It's a straightforward principle but the Village Hearth Bakery Café has perfected it: keep things simple and the quality will shine through. Since 2001, the Village Hearth's breads and pastries have been a Jamestown treasure, luring the rest of us to make special trips to the island for their whole-grain, sourdough loaves and hearty, scrumptious pastries.
When I heard that the long-planned-for café was now open for breakfast and lunch, it was only a matter of time before we got ourselves there on a Friday morning to enjoy breakfast and to take home sandwiches for lunch.
The café space, inside and out, is very inviting. Inside, the walls and woodwork are in two shades of cheerful spring green; a wood stove is ready for chilly days, with an enviable collection of sea glass, rocks, and shells behind it, and a child's hand-lettered sign imploring visitors: "Please do not touch the sea glass."
Light pours in through skylights, windows, and large screen panels to the deck (glassed-in for wintertime). Photos of bakers/cooks Andrea Colognese and wife Doriana Carella (by Ed Lefkowicz) and of their two young daughters are prominent; tables are copper-topped, chairs steel-backed. The effect is chic, elegant, Continental.
|Village Heart Bakery Café | 401.423.9282 | 2 Watson Ave, Jamestown | Fri 7 am-4 pm; Sat 7 am-3 pm; Sun 8 am-1 pm + 4:30-7:30 pm [Pizza only] | Cash or checks | BYOB | Sidewalk-level Access|
The latter is particularly apropos, because the "Continental breakfast" — despite changing breakfast habits in Europe — does survive, especially a morning croissant with a cup of coffee. At the Village Hearth, there are approximately nine coffee/espresso variations, concocted from New Harvest Coffee Roasters. There are also many herb teas, caffeinated teas, and (oh joy!) hot chocolate made from steamed milk.
That mug, reminiscent of the pitcher of dark-as-coffee hot cocoa I was served in a Venetian pension, along with one of Village Hearth's scones and/or muffins, is indeed a full breakfast. There's no need for eggs and potatoes with a whole wheat/oat bran/raisin muffin and a peach-mango scone, the texture of which was dense and chewy, very unlike the cakey/biscuity pastries that try to pass as scones in most places.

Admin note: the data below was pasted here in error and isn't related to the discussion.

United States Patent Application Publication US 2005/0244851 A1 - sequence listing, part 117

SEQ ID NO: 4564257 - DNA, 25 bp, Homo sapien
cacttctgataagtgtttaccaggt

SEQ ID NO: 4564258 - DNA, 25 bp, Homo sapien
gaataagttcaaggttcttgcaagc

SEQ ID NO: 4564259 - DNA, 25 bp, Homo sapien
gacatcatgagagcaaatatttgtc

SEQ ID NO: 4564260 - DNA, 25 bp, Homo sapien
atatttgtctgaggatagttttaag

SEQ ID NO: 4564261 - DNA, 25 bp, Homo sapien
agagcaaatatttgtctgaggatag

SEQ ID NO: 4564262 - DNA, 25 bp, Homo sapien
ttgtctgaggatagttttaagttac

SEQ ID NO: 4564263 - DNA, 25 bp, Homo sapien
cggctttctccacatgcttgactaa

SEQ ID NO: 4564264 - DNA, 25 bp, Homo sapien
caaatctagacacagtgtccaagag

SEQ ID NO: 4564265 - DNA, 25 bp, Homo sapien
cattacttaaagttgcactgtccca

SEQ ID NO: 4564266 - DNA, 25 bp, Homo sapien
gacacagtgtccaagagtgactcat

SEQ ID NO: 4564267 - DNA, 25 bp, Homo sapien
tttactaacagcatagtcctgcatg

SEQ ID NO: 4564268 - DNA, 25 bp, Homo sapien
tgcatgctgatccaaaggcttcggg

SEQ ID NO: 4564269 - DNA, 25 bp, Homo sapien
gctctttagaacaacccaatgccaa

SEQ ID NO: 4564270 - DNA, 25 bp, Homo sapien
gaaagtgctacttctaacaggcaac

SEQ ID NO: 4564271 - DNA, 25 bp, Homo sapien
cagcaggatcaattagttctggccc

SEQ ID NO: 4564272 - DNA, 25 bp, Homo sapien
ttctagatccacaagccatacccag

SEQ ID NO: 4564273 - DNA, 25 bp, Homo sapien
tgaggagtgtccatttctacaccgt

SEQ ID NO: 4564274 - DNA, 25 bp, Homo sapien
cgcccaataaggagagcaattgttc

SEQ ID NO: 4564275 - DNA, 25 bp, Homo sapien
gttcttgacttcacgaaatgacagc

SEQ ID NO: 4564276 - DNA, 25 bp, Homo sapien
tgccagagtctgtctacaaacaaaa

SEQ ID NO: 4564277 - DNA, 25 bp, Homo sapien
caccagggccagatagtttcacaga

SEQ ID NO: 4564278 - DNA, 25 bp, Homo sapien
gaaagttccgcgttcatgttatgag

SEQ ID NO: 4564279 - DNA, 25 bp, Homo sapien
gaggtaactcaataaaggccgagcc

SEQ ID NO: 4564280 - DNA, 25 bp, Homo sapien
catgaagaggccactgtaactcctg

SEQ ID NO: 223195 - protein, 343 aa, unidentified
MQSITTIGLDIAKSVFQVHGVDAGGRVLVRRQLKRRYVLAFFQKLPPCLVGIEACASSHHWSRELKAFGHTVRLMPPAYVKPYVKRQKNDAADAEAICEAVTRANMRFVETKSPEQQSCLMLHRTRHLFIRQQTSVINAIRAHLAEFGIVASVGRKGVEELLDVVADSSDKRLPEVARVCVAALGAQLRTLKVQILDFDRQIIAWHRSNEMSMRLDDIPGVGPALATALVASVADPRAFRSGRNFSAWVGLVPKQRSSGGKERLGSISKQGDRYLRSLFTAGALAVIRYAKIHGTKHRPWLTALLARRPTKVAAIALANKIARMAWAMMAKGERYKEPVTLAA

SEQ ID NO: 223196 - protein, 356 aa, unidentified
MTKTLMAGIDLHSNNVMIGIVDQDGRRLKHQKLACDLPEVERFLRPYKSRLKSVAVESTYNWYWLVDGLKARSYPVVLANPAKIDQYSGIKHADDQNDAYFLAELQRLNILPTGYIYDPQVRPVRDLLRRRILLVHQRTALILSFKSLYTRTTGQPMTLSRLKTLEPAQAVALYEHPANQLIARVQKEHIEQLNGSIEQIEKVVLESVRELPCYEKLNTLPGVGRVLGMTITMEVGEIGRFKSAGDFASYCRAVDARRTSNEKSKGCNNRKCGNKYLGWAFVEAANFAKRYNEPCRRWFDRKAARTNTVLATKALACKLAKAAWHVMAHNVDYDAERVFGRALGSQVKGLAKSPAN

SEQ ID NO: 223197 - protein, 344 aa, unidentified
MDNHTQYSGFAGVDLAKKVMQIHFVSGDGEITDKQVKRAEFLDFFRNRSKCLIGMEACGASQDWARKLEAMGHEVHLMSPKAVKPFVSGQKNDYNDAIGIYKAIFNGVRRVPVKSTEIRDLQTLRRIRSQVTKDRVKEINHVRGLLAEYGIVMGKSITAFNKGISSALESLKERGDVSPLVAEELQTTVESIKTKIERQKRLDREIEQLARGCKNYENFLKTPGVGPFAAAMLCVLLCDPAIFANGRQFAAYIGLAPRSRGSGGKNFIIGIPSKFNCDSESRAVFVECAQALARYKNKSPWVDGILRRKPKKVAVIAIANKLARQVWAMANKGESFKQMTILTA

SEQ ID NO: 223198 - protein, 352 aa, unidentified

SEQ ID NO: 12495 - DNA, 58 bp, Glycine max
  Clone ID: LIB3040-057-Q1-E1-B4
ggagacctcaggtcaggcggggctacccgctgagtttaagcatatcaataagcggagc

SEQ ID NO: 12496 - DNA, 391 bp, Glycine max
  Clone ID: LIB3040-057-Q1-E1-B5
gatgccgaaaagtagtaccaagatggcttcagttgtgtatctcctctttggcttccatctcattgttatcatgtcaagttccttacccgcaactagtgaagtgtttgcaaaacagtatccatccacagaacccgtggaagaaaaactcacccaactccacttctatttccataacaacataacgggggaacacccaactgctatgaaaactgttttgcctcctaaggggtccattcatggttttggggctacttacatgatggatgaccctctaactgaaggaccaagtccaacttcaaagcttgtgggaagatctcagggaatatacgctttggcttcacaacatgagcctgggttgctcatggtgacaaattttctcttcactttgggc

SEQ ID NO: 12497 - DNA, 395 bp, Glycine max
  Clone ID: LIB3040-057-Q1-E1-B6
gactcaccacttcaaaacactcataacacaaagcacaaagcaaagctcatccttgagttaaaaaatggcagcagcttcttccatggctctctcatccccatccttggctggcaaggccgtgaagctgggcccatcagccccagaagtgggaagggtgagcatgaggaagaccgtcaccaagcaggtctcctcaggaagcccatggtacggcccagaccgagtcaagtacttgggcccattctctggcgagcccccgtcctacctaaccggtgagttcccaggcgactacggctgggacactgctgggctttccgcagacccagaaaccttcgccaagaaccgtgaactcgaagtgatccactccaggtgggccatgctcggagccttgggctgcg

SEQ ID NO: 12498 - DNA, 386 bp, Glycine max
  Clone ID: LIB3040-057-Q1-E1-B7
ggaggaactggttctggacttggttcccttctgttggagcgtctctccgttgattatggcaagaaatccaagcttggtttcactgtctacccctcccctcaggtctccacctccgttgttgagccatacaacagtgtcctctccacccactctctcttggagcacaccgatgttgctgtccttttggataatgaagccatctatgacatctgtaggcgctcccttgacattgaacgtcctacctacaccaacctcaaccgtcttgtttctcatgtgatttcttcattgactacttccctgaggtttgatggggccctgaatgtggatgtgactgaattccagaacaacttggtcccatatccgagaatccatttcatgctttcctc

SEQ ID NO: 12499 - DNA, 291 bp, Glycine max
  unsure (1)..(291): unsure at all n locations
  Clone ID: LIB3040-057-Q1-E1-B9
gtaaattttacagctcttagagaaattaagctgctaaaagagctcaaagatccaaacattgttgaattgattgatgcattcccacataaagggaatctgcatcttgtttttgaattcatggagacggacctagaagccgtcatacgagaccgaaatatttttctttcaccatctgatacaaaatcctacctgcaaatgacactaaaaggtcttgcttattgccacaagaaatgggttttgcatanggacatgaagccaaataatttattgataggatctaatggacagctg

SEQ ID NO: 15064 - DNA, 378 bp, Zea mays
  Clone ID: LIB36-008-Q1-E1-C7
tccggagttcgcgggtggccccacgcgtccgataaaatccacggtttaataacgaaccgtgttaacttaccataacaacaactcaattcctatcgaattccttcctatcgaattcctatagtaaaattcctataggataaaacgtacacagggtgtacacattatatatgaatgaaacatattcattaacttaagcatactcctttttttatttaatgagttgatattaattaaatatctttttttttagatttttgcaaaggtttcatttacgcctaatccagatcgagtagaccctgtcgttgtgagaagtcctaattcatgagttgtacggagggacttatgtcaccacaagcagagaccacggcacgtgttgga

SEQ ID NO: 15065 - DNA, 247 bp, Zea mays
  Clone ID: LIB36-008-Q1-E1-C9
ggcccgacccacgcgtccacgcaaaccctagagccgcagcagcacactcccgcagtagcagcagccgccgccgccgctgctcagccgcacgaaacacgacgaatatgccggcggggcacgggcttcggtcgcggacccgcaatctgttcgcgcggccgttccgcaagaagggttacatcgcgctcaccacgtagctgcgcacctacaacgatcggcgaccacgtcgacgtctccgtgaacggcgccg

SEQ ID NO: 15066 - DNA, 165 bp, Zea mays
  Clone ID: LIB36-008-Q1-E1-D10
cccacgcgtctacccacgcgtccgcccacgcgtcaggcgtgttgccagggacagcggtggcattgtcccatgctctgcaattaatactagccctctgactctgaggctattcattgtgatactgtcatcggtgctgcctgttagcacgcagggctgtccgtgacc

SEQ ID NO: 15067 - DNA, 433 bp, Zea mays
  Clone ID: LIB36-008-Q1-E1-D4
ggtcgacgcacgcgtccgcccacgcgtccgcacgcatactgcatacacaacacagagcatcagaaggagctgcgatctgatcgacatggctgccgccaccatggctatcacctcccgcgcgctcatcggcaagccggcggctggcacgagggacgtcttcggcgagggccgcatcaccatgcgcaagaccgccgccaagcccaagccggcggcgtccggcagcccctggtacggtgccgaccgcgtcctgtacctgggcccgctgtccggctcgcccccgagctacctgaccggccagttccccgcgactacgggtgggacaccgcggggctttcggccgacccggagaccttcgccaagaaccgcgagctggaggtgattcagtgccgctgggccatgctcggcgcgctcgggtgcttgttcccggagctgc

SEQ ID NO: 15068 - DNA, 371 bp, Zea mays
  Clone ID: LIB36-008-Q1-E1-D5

Bill had the one breakfast-like item on display (there was no quiche that day): a ham-and-cheese croissant, which he loved, followed by a sticky bun, which he graciously shared (as I had my scone). It was nicely sticky and cinnamony on top, with plenty of chopped pecans, and not overly sweet.
The sandwiches (which can be grilled panini-style, if you're eating there) are veggie (on that morning, roasted spinach with black olive paste, tomato, lettuce, fresh basil, Green Goddess dressing, extra virgin olive oil, $7); meat (mortadella, salami, cheese, and the above embellishments, $7.50); and Caprese (fresh mozzarella and sliced tomatoes with lettuce, basil, and EVO, $6.75). The latter is made on a fresh ciabatta roll; the others can be ordered on a baguette or eight-grain bread. The special of the day was a lobster roll on a brioche ($13).
I grabbed the latter, with nary a sample for Bill — it was just too good. A heaping mound of lobster salad, delicious with chopped sweet pickles, balanced atop a brioche roll — this was a fork-and-knife sandwich for sure.